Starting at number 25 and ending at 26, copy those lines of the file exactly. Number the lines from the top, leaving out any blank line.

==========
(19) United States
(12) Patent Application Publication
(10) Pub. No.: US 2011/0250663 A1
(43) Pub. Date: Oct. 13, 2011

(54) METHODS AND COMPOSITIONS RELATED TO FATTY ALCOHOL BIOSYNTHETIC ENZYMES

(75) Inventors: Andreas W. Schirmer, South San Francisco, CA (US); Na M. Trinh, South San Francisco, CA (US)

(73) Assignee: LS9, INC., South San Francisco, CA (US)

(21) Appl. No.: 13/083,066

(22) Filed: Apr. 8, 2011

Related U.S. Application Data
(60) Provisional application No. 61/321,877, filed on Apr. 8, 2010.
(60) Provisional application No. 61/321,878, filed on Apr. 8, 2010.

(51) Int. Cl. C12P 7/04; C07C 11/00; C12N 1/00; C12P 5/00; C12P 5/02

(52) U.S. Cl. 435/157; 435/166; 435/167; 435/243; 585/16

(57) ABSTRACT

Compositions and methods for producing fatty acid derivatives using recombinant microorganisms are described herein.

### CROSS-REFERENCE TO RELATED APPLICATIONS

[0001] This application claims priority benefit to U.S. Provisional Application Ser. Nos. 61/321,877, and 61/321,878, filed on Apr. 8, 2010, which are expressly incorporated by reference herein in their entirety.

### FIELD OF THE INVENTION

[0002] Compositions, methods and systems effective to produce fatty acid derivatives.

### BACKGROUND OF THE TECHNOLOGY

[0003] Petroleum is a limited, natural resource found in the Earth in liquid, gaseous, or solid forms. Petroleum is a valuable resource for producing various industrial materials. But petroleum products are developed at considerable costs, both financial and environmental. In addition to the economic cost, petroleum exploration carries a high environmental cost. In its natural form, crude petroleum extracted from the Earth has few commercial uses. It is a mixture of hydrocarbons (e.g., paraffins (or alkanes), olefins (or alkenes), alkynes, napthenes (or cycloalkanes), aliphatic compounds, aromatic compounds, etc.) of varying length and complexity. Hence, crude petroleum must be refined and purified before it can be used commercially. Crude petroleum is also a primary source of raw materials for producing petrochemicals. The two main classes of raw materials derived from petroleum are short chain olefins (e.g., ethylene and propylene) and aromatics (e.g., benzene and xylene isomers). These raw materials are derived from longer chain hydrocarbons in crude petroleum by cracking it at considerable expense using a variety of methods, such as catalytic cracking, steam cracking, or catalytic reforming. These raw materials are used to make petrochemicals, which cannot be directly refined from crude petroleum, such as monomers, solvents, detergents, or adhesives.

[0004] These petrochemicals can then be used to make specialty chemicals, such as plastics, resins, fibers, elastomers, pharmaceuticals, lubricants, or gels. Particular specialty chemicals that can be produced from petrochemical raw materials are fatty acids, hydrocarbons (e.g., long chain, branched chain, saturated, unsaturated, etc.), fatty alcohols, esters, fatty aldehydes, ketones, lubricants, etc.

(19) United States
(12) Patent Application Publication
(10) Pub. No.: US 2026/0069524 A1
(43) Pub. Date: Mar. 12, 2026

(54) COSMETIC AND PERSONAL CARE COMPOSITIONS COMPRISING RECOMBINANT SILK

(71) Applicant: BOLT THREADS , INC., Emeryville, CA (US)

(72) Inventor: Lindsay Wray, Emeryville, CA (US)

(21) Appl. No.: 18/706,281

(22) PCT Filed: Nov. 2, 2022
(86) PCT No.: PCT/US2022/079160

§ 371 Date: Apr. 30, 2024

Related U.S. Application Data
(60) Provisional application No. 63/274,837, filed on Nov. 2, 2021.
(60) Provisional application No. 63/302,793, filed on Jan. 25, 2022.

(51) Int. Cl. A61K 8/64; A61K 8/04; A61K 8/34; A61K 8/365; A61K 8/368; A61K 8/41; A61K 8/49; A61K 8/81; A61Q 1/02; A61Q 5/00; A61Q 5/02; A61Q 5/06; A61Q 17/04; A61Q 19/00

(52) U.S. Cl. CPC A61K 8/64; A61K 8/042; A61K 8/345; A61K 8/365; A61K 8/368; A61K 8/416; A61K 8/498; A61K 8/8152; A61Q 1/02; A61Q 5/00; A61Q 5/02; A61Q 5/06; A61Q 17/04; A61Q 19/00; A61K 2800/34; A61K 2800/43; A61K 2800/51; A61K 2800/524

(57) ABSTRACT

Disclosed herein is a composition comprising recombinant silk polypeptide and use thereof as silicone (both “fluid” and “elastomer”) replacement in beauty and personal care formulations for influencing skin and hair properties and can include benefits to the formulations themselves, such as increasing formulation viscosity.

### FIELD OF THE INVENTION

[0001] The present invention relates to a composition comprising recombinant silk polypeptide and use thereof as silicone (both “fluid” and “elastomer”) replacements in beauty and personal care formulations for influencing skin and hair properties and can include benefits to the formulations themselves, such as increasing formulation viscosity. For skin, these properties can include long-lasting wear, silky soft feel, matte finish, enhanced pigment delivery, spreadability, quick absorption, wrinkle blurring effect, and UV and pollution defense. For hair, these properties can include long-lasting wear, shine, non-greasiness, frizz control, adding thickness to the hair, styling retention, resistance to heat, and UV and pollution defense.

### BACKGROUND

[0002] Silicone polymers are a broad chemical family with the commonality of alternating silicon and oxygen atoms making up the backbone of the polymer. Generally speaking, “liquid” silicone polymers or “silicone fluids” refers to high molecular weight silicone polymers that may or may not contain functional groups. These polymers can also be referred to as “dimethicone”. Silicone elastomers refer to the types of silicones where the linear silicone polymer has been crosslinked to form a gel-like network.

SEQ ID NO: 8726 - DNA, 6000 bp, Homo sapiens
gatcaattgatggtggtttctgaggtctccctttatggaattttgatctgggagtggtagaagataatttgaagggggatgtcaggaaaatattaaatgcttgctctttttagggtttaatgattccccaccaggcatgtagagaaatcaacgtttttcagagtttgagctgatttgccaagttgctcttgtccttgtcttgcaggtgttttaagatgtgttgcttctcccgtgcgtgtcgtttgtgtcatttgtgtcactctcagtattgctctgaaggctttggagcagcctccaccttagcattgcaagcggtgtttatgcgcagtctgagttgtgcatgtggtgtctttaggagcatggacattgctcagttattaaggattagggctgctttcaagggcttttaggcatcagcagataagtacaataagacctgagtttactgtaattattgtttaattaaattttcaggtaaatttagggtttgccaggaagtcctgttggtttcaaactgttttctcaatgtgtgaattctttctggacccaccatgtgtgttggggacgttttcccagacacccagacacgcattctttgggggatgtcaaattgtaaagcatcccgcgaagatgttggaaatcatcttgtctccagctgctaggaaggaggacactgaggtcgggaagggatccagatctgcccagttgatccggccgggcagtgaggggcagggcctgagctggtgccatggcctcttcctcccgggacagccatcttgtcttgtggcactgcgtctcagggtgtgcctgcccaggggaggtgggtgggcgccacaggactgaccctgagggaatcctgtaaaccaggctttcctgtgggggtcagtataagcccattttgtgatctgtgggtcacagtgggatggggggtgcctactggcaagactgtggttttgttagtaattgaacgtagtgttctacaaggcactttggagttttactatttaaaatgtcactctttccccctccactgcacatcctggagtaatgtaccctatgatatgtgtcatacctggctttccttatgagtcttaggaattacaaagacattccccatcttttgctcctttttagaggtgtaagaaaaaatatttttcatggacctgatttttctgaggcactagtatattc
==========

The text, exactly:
(12) Patent Application Publication
(10) Pub. No.: US 2026/0069524 A1